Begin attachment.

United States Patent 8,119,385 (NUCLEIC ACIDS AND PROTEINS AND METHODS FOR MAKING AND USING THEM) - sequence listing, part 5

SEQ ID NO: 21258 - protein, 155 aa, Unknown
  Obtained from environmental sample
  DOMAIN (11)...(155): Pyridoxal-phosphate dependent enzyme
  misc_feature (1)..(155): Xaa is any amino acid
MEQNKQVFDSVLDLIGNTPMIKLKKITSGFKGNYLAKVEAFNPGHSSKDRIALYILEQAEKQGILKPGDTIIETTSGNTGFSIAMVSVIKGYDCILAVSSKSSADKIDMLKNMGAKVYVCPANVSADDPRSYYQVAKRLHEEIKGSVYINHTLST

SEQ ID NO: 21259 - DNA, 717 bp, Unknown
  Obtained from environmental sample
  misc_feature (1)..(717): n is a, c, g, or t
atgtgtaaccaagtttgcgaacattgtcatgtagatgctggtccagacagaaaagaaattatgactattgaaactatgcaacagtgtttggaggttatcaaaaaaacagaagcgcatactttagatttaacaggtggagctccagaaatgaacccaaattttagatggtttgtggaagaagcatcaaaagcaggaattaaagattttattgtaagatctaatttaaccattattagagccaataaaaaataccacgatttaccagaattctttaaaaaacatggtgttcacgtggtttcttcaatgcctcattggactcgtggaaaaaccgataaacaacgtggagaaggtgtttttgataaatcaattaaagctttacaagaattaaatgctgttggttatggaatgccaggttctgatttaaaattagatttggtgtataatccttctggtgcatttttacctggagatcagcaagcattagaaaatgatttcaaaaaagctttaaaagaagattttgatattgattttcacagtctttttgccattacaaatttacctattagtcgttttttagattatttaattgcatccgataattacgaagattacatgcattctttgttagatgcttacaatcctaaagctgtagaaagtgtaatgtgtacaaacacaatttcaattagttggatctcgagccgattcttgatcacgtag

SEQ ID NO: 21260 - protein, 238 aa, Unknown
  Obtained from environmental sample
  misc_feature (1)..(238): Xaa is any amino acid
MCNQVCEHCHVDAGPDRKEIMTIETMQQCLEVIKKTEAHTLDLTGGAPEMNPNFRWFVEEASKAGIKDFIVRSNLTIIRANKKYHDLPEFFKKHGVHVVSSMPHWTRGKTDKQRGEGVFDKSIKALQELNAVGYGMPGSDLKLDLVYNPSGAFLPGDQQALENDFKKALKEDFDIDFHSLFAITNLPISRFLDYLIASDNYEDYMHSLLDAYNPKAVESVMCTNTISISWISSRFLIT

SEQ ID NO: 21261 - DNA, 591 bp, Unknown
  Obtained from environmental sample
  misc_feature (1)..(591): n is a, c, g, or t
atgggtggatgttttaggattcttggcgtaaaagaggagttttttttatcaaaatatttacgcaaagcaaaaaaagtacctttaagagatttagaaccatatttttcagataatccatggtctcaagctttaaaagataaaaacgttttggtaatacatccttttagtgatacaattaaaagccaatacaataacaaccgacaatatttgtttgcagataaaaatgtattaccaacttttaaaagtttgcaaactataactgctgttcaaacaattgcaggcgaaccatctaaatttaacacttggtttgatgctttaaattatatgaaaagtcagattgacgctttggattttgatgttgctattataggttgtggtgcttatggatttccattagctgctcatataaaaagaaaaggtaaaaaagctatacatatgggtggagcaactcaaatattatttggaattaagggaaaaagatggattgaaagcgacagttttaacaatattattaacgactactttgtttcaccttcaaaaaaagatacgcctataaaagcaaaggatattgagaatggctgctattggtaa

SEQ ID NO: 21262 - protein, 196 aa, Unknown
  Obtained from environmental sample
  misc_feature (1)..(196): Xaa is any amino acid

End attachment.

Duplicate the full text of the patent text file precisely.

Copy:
United States Patent 8,119,385 (NUCLEIC ACIDS AND PROTEINS AND METHODS FOR MAKING AND USING THEM) - sequence listing, part 5

SEQ ID NO: 21258 - protein, 155 aa, Unknown
  Obtained from environmental sample
  DOMAIN (11)...(155): Pyridoxal-phosphate dependent enzyme
  misc_feature (1)..(155): Xaa is any amino acid
MEQNKQVFDSVLDLIGNTPMIKLKKITSGFKGNYLAKVEAFNPGHSSKDRIALYILEQAEKQGILKPGDTIIETTSGNTGFSIAMVSVIKGYDCILAVSSKSSADKIDMLKNMGAKVYVCPANVSADDPRSYYQVAKRLHEEIKGSVYINHTLST

SEQ ID NO: 21259 - DNA, 717 bp, Unknown
  Obtained from environmental sample
  misc_feature (1)..(717): n is a, c, g, or t
atgtgtaaccaagtttgcgaacattgtcatgtagatgctggtccagacagaaaagaaattatgactattgaaactatgcaacagtgtttggaggttatcaaaaaaacagaagcgcatactttagatttaacaggtggagctccagaaatgaacccaaattttagatggtttgtggaagaagcatcaaaagcaggaattaaagattttattgtaagatctaatttaaccattattagagccaataaaaaataccacgatttaccagaattctttaaaaaacatggtgttcacgtggtttcttcaatgcctcattggactcgtggaaaaaccgataaacaacgtggagaaggtgtttttgataaatcaattaaagctttacaagaattaaatgctgttggttatggaatgccaggttctgatttaaaattagatttggtgtataatccttctggtgcatttttacctggagatcagcaagcattagaaaatgatttcaaaaaagctttaaaagaagattttgatattgattttcacagtctttttgccattacaaatttacctattagtcgttttttagattatttaattgcatccgataattacgaagattacatgcattctttgttagatgcttacaatcctaaagctgtagaaagtgtaatgtgtacaaacacaatttcaattagttggatctcgagccgattcttgatcacgtag

SEQ ID NO: 21260 - protein, 238 aa, Unknown
  Obtained from environmental sample
  misc_feature (1)..(238): Xaa is any amino acid
MCNQVCEHCHVDAGPDRKEIMTIETMQQCLEVIKKTEAHTLDLTGGAPEMNPNFRWFVEEASKAGIKDFIVRSNLTIIRANKKYHDLPEFFKKHGVHVVSSMPHWTRGKTDKQRGEGVFDKSIKALQELNAVGYGMPGSDLKLDLVYNPSGAFLPGDQQALENDFKKALKEDFDIDFHSLFAITNLPISRFLDYLIASDNYEDYMHSLLDAYNPKAVESVMCTNTISISWISSRFLIT

SEQ ID NO: 21261 - DNA, 591 bp, Unknown
  Obtained from environmental sample
  misc_feature (1)..(591): n is a, c, g, or t
atgggtggatgttttaggattcttggcgtaaaagaggagttttttttatcaaaatatttacgcaaagcaaaaaaagtacctttaagagatttagaaccatatttttcagataatccatggtctcaagctttaaaagataaaaacgttttggtaatacatccttttagtgatacaattaaaagccaatacaataacaaccgacaatatttgtttgcagataaaaatgtattaccaacttttaaaagtttgcaaactataactgctgttcaaacaattgcaggcgaaccatctaaatttaacacttggtttgatgctttaaattatatgaaaagtcagattgacgctttggattttgatgttgctattataggttgtggtgcttatggatttccattagctgctcatataaaaagaaaaggtaaaaaagctatacatatgggtggagcaactcaaatattatttggaattaagggaaaaagatggattgaaagcgacagttttaacaatattattaacgactactttgtttcaccttcaaaaaaagatacgcctataaaagcaaaggatattgagaatggctgctattggtaa

SEQ ID NO: 21262 - protein, 196 aa, Unknown
  Obtained from environmental sample
  misc_feature (1)..(196): Xaa is any amino acid